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A Voice of Her Own: South Carolina Women in Politics


This exhibit is free with museum general admission or membership.

Adult (13-61): $8.95
Seniors (62 +): $7.95
Children (3-12): $6.95
Infants 2 and under: FREE

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A Voice of Her Own: South Carolina Women in Politics

Now Open

This year the museum is celebrating the 100th Anniversary of the 19th Amendment, which guaranteed women the right to vote. This exhibit features objects, images and stories showing the ways South Carolina women engaged with the political history of our state. From tribal women leaders, to the first female Governor of the state, this exhibit shows how women worked to gain a voice of their own.

Since women have long been outside politics, the objects in this exhibit show how the personal is the political. A prehistoric scraper tells the story of how native women have a long tradition of being equal with men and powerful in tribal politics. Sherds of porcelain from a colonial plantation are an example of property, which women could spend their lives building, but not control or own. While a tag that a Charleston enslaved woman was forced to wear underlines that some women were property, whose work built the base of South Carolina political power.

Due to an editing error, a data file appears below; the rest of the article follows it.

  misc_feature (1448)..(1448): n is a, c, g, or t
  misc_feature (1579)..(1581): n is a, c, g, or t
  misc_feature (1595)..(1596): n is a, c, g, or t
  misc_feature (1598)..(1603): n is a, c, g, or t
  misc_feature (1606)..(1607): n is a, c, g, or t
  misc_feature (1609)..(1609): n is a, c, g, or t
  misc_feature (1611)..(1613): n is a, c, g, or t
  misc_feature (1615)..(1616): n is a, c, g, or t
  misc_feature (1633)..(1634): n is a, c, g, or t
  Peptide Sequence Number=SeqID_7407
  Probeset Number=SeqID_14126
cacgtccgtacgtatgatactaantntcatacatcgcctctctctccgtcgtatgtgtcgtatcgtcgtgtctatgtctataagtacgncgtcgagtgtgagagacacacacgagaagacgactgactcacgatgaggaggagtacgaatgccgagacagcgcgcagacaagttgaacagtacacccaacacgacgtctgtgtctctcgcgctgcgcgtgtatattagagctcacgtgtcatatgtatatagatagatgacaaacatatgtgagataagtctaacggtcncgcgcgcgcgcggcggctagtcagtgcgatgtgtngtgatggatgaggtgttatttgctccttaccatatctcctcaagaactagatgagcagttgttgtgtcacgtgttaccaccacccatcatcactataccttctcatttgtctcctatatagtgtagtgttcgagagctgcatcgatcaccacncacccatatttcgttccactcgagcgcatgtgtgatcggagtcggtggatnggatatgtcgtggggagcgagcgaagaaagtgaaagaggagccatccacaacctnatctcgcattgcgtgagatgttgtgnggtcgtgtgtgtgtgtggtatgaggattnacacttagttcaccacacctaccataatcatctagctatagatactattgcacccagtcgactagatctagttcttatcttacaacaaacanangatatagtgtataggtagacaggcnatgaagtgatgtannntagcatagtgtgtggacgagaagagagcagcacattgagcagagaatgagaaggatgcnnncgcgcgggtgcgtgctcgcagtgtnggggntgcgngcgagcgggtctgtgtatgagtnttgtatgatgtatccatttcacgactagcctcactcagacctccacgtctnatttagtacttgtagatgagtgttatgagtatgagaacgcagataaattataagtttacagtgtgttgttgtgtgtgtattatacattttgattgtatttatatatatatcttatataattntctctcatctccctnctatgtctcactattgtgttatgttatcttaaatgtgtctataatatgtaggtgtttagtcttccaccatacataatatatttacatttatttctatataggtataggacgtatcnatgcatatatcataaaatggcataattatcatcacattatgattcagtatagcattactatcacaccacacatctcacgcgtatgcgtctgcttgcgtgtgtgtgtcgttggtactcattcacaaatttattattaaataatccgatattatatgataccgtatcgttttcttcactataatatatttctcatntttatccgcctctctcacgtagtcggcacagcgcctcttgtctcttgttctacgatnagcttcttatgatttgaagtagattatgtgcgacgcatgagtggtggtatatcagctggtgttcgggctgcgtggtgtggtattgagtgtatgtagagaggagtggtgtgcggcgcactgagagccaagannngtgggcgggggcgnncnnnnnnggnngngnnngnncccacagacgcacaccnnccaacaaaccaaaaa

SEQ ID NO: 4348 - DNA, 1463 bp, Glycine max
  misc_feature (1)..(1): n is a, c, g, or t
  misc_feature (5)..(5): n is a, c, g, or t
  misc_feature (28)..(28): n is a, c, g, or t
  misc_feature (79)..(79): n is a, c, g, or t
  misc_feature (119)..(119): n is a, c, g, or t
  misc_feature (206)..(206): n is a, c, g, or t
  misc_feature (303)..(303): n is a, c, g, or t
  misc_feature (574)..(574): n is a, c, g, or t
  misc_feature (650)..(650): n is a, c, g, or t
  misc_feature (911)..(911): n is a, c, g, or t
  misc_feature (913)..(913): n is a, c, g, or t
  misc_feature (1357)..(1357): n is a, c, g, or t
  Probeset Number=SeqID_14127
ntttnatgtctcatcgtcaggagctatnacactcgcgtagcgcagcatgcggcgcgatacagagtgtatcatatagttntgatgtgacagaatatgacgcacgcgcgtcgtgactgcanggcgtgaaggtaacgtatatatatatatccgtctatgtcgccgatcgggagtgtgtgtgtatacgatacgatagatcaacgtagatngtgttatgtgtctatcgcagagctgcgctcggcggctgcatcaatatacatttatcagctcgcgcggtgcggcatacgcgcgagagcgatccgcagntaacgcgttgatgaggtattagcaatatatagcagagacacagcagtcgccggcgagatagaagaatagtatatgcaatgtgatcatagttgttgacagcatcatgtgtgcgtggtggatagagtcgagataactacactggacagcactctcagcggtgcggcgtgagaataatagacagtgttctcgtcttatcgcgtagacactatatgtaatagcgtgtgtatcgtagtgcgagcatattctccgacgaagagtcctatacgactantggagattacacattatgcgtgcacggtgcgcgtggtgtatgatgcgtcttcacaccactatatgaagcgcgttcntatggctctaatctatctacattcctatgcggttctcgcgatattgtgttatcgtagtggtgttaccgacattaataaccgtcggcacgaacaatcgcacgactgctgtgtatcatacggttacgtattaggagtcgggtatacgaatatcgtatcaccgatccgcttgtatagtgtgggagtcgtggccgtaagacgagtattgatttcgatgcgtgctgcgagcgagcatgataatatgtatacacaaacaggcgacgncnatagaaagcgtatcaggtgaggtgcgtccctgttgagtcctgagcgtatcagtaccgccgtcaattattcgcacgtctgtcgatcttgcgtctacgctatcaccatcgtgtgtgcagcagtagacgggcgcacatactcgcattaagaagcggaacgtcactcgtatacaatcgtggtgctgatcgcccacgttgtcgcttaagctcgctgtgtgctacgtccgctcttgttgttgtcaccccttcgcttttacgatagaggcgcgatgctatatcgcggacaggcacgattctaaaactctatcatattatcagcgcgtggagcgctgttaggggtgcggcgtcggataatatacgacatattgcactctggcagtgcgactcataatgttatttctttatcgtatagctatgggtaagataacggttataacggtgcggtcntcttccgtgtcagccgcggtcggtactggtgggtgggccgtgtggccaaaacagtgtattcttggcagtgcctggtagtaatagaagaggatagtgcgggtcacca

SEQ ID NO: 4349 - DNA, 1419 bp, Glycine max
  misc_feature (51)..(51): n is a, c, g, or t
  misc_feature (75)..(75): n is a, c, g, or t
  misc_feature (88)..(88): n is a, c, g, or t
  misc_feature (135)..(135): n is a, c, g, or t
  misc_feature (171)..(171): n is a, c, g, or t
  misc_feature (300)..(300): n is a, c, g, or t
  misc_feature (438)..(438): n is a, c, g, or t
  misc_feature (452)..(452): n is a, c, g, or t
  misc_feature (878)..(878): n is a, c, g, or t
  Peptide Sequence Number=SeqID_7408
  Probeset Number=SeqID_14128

The Civil War and Reconstruction caused great political upheaval, but South Carolina women who wanted political power found themselves disappointed. The early 20th century found an imperfect coalition of suffragettes working for a national amendment to give women the right to vote. You can see a “Votes for Women” banner that belonged to USC student, Shirley Black, while posing in our suffragette selfie station. A wide variety of political material from the 20th century shows how women have always had diverse political opinions and concerns not captured within any one political party.